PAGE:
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The controversy of kneeling to the pledge of allegiance

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The controversy of kneeling to the pledge of allegiance

ROTC students holding flags during Harding's pepfest.

ROTC students holding flags during Harding's pepfest.

Tony Vue

ROTC students holding flags during Harding's pepfest.

Tony Vue

Tony Vue

ROTC students holding flags during Harding's pepfest.

Jacqueline Martinez, Reporter

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Students in Mr. Trepanier’s class shared their opinions about the pledge in two recent Wednesday discussions. The pledge has caused controversy in recent years, due to football player Colin Kaepernick taking taking a knee during the anthem. Beginning with Harding’s Pepfest of 2016, this controversy has been seeping into classrooms.

Grismaldys Rodriquez was one student who spoke her mind, explaining that discrimination against people in the United States is her reason for not standing up for the pledge. Grismaldys said that she relates to Colin Kaepernick, the NFL player who has taken a knee when the national anthem played during a game, “because of [her] culture and [her] ethnicity.”

Freshman Haidyn Battle took a different position. “I stood today because even though I am African American, and [have] seen people who look like me and are disrespected in the world, I still am an American,” she said. “What people did before, they stood up for themselves. I want people to do that, but I don’t want it to be so far that people riot about it and get the police involved. I want people to hold their heads up and not wear their emotions on their sleeves.”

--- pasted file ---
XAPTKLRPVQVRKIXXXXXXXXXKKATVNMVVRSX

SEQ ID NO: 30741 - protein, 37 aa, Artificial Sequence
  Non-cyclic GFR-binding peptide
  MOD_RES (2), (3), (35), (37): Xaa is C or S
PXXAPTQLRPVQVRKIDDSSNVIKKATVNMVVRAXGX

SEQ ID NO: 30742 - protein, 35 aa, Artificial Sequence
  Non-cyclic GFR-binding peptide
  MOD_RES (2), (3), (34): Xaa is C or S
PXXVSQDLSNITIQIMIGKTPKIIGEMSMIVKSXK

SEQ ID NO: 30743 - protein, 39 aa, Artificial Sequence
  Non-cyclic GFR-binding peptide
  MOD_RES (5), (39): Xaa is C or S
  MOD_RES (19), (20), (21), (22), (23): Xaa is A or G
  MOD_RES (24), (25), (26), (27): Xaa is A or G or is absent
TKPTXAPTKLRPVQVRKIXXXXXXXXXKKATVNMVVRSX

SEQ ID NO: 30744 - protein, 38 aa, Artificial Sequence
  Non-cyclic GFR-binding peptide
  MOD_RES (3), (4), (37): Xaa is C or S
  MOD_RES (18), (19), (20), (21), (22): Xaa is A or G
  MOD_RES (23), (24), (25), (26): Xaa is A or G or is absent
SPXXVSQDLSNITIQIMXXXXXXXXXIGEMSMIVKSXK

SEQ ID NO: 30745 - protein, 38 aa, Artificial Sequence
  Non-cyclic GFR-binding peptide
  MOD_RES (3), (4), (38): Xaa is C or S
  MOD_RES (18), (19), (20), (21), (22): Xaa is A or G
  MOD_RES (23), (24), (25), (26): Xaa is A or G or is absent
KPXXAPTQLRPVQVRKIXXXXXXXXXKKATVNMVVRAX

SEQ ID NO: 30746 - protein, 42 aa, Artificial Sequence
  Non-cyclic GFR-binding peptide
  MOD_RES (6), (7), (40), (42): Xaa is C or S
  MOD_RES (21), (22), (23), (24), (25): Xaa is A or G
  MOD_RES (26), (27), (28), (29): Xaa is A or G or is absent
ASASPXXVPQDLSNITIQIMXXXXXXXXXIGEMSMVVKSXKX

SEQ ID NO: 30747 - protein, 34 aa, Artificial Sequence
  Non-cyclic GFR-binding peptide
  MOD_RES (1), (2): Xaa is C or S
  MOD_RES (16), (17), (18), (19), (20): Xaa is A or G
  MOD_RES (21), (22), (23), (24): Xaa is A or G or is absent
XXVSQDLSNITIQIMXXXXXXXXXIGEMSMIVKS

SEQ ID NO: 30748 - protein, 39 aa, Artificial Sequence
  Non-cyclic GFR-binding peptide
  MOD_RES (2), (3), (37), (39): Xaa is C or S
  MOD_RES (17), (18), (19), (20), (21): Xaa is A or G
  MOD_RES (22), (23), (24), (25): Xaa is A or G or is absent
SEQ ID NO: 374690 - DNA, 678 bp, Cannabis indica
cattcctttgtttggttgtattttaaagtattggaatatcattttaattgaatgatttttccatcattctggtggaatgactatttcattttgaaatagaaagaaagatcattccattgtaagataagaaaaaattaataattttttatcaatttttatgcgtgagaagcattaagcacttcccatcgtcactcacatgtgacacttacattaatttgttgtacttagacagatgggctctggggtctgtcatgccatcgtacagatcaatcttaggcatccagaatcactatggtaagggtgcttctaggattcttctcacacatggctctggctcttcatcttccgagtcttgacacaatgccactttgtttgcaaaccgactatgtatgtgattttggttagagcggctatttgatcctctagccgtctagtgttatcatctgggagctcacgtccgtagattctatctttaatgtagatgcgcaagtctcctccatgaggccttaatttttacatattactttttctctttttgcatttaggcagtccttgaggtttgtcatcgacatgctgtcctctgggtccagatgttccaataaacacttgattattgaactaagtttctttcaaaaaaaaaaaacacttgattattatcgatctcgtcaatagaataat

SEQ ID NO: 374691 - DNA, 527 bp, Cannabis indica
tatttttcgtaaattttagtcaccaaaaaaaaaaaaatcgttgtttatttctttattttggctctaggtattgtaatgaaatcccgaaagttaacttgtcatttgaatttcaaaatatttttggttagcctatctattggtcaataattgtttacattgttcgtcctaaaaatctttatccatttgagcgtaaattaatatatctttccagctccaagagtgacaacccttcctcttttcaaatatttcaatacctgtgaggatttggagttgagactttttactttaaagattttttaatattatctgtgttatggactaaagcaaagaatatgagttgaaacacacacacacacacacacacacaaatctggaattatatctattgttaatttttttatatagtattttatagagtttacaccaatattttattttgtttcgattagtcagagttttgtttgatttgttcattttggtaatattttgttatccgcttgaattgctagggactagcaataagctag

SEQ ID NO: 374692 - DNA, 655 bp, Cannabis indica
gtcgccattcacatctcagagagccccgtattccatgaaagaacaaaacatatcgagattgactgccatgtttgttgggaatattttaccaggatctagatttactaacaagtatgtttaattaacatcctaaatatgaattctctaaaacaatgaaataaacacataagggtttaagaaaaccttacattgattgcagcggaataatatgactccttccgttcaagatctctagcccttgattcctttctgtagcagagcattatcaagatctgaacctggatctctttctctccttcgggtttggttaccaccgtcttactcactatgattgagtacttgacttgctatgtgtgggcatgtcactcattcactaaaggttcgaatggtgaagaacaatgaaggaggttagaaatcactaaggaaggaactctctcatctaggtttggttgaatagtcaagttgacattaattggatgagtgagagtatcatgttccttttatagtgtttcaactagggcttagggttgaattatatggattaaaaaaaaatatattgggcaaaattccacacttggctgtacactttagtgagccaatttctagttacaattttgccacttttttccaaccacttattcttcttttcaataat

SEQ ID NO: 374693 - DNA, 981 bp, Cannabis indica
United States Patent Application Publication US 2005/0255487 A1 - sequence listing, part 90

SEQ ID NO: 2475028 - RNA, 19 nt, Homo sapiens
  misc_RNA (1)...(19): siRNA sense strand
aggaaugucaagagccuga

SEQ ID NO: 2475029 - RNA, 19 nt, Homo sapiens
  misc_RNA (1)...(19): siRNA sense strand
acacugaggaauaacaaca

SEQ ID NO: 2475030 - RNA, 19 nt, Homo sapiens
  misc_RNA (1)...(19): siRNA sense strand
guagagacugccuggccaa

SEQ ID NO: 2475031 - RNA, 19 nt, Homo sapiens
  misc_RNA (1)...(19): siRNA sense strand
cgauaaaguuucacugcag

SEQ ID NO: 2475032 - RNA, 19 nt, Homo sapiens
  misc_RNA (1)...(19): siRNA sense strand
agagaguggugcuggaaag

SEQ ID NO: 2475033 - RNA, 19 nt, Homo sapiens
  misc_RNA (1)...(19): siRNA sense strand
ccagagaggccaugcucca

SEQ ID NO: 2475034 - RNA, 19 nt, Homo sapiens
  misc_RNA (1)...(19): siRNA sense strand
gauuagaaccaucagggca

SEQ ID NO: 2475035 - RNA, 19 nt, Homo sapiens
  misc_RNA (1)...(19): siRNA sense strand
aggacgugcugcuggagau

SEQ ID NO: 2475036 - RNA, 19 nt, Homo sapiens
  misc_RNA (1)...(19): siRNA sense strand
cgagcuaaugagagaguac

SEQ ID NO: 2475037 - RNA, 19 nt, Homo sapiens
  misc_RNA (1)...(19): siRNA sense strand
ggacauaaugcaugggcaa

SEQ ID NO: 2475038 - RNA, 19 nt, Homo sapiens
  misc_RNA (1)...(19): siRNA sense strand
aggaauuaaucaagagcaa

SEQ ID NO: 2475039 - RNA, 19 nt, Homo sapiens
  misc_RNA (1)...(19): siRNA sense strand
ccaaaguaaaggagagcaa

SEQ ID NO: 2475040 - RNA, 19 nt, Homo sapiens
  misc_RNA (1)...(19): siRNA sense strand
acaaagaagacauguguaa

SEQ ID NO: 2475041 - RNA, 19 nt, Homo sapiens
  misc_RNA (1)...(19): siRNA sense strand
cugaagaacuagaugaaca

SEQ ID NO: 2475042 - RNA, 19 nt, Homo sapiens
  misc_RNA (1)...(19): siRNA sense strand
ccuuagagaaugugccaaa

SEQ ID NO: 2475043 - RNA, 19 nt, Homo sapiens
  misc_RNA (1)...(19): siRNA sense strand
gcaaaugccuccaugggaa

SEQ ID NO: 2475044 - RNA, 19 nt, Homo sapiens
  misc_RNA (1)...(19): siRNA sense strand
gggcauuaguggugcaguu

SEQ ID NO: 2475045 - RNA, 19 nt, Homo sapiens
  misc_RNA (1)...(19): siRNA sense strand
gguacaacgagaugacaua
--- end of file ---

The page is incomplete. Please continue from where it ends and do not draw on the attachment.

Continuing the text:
Sr. Chief Rick Bailey, a teacher in Harding’s NJROTC program, said students in the program will most likely stand up when the pledge comes on because the classroom is a patriotic class, however “no student is required to stand,” he said. “If they choose not to, it’s okay.”

Harding’s principal, Doug Revsbeck, said he heard that the pledge was something that came on after the crisis on Sept. 11, 2001. “I believe that it was something that was brought into schools and has been a choice to participate.”

Jennifer Funkhouser, a French and reading teacher, offered her opinions, saying that she did not grow up reciting the pledge because she didn’t live here; instead she lived in France. “I don’t have emotional attachment to the pledge or any kind of historical ritual around it,” she said.

Students like Gustavo Ibarra and Meng Yang (P.C.)  also pointed out that during other first hour classes last semester, students usually didn’t stand up or speak at all. Ms. Funkhouser said her advisory students hadn’t either because she believes “that they don’t feel strongly one way or the other, it’s just something they wish to do.”

One person, who wanted to remain anonymous, said she was conflicted. “The words are beautiful, the conflict for me personally [is that] I don’t feel like it reflects historically or currently for all living in the country,” she said, “I think there is space for good conversation about it and hope at Harding we can have dialogue about it without losing respect to each other or our country and feelings,” she said.

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The controversy of kneeling to the pledge of allegiance